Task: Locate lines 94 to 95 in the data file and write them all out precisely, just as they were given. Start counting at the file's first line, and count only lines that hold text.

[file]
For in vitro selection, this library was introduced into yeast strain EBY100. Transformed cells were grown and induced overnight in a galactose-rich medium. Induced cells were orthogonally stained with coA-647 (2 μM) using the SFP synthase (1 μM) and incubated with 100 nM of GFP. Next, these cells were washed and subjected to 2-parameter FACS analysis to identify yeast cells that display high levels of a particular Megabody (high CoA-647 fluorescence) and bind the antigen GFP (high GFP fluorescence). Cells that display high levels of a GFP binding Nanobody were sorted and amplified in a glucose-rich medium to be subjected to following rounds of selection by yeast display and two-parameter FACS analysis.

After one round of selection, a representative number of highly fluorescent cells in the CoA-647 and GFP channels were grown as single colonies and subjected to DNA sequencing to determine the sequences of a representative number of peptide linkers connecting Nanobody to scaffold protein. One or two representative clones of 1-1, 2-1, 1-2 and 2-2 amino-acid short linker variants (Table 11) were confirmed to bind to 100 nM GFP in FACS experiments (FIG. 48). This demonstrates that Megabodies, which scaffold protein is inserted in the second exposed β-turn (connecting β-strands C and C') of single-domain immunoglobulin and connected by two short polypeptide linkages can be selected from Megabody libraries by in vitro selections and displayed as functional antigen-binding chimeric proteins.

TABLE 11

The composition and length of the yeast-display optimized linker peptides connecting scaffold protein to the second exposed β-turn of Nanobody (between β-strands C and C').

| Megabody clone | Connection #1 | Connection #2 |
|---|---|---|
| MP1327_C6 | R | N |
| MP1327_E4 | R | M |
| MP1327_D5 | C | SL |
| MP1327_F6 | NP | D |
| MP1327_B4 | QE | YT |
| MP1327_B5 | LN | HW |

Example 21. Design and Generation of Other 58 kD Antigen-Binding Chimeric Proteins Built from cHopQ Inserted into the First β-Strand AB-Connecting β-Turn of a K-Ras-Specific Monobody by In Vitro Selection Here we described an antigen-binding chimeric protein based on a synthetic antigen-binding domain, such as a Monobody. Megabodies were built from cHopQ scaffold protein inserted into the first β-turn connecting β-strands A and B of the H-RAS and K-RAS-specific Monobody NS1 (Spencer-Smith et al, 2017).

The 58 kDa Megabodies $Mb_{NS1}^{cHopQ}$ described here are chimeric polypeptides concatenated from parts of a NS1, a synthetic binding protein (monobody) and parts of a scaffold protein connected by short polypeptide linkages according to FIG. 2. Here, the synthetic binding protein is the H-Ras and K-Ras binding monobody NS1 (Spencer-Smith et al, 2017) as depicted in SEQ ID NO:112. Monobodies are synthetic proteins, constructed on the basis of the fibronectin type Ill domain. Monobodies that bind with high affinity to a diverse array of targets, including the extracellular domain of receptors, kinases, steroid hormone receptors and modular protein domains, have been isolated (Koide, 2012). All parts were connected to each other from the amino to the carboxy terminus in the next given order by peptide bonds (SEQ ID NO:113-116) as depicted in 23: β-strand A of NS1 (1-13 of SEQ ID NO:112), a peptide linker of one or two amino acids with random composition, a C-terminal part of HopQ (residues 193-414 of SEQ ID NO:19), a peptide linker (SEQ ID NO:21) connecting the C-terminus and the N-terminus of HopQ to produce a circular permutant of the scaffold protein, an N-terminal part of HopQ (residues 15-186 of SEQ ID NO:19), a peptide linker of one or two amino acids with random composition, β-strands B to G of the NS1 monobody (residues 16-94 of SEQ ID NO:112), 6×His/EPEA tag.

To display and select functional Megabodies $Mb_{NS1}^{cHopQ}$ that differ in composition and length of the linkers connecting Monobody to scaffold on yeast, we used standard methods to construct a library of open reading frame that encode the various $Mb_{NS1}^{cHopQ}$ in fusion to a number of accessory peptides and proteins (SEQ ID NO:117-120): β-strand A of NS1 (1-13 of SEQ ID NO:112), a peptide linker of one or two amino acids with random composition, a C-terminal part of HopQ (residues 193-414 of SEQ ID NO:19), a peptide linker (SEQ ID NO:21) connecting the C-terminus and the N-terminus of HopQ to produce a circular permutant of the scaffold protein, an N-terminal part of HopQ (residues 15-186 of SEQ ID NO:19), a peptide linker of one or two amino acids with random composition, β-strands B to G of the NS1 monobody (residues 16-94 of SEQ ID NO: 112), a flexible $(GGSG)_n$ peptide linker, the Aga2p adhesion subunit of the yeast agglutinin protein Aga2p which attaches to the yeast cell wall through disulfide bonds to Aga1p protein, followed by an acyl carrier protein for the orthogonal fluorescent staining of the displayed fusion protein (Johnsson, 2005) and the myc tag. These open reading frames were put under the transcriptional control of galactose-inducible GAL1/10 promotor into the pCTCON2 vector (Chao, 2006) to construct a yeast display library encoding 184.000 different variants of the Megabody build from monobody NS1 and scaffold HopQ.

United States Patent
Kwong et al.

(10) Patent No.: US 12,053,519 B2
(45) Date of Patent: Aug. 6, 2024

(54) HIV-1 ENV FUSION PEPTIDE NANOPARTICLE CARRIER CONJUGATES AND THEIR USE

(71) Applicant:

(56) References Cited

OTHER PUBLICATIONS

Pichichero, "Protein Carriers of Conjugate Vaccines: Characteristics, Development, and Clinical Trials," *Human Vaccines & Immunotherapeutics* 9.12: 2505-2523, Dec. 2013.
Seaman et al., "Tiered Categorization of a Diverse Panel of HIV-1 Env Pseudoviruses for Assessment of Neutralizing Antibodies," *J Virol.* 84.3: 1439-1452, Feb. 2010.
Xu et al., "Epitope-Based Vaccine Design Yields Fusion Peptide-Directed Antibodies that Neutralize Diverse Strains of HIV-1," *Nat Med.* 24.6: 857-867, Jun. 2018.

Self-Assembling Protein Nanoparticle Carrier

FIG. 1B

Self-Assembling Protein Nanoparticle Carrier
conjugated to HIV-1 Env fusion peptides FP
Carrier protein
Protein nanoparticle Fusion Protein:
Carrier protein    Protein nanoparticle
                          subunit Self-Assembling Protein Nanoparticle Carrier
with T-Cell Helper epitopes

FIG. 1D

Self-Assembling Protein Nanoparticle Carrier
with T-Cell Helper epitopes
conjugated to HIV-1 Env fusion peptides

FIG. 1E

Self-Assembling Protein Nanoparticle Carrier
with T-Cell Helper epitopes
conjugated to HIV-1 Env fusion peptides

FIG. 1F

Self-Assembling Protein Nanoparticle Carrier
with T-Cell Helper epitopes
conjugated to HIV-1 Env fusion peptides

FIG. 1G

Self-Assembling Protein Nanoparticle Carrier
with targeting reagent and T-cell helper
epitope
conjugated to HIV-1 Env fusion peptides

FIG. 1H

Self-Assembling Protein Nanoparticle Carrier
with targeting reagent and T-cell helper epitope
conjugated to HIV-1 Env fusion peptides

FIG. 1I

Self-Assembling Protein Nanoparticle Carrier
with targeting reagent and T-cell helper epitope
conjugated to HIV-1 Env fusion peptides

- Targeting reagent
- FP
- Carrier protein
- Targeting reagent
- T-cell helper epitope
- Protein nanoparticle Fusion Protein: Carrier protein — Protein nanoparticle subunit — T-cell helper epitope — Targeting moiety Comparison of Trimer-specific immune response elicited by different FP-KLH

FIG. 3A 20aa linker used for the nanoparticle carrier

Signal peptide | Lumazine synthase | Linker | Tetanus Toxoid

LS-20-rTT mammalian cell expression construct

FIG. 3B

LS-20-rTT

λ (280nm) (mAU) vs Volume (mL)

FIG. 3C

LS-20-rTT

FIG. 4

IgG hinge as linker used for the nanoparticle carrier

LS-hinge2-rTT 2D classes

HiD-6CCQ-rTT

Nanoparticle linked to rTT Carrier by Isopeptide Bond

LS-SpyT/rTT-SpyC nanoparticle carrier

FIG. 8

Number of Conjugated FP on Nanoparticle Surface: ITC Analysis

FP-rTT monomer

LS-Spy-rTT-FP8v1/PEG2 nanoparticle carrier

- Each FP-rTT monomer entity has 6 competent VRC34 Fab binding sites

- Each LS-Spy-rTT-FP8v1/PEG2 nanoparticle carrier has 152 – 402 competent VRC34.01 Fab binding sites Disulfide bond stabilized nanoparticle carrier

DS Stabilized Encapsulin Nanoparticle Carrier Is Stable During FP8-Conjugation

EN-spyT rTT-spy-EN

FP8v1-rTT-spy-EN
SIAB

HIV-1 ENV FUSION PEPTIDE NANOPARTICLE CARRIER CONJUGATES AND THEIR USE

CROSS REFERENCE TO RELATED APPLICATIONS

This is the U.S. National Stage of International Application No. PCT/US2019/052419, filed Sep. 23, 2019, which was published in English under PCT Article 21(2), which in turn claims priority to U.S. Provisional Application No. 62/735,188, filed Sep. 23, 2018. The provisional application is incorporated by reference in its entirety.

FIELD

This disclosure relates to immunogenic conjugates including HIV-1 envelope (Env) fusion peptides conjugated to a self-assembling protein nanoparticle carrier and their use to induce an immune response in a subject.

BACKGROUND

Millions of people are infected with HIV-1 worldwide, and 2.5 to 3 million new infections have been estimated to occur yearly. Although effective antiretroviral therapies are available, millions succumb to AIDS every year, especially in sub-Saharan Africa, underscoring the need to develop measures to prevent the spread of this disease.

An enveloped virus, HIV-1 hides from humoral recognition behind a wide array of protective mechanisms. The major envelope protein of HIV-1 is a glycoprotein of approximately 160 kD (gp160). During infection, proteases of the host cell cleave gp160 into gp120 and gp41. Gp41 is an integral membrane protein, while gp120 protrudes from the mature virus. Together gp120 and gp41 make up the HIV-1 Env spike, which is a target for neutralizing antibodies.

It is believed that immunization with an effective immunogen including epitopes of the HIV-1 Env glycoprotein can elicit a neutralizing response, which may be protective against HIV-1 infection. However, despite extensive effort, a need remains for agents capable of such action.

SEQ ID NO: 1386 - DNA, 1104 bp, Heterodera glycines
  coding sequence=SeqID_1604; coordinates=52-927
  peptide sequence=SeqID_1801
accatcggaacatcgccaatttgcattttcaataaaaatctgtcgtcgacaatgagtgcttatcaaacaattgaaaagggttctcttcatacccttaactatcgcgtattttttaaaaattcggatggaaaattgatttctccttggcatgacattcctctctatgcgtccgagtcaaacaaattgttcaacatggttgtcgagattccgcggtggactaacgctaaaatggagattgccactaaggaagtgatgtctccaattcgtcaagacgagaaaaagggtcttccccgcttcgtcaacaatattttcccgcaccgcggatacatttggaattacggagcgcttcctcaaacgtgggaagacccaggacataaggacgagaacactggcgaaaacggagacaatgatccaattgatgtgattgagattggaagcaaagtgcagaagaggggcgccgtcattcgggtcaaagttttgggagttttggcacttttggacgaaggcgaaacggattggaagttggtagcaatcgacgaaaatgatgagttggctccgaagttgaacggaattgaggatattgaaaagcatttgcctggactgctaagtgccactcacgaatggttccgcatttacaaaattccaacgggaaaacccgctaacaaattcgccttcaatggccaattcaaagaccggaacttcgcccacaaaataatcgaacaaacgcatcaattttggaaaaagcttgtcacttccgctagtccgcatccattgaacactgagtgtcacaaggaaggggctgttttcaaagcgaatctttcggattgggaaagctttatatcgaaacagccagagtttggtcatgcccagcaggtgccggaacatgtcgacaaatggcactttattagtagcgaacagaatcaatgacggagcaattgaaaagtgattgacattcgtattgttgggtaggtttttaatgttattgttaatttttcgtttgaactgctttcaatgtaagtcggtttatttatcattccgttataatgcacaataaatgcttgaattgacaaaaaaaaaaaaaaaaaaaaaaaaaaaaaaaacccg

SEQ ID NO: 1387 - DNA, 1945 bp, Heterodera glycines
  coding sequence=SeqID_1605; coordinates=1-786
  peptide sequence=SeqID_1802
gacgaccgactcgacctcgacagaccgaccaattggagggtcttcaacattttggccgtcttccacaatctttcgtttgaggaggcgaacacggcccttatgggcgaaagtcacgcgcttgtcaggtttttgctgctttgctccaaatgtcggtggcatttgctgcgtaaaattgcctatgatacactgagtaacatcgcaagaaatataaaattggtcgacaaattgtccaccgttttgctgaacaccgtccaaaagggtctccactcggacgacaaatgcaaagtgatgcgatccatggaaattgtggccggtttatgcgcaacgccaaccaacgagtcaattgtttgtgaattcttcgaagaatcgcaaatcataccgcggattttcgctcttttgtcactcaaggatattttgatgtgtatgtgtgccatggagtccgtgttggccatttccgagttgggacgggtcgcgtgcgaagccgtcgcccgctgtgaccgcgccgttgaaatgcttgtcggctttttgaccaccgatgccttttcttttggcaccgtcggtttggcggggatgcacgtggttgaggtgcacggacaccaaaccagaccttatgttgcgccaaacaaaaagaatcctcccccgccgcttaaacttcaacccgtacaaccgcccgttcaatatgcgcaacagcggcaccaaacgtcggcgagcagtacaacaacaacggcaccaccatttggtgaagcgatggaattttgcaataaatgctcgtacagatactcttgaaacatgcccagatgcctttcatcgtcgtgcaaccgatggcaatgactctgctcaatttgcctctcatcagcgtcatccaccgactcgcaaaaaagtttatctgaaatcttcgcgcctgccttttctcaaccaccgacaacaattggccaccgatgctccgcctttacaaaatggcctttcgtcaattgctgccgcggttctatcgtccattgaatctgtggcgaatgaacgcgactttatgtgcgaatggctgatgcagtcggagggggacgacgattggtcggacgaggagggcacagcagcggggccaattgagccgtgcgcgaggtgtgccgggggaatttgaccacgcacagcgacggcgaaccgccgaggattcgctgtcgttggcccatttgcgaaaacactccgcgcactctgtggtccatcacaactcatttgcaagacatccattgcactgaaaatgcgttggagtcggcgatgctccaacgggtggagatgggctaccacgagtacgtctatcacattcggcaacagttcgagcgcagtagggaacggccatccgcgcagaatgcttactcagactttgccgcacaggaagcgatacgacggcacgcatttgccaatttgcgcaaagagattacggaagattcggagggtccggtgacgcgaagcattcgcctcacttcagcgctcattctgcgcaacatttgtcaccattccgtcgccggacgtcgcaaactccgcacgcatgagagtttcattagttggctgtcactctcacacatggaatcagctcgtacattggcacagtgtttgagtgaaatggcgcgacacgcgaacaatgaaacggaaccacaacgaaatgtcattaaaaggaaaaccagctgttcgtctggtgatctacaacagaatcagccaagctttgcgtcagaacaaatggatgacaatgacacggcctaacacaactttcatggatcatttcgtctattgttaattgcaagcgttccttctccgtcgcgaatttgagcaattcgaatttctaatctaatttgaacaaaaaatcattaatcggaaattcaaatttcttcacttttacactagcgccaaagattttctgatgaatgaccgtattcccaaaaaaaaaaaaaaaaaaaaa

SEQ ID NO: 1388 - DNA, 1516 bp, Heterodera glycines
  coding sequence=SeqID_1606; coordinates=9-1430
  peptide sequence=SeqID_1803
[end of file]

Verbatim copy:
FIELD

This disclosure relates to immunogenic conjugates including HIV-1 envelope (Env) fusion peptides conjugated to a self-assembling protein nanoparticle carrier and their use to induce an immune response in a subject.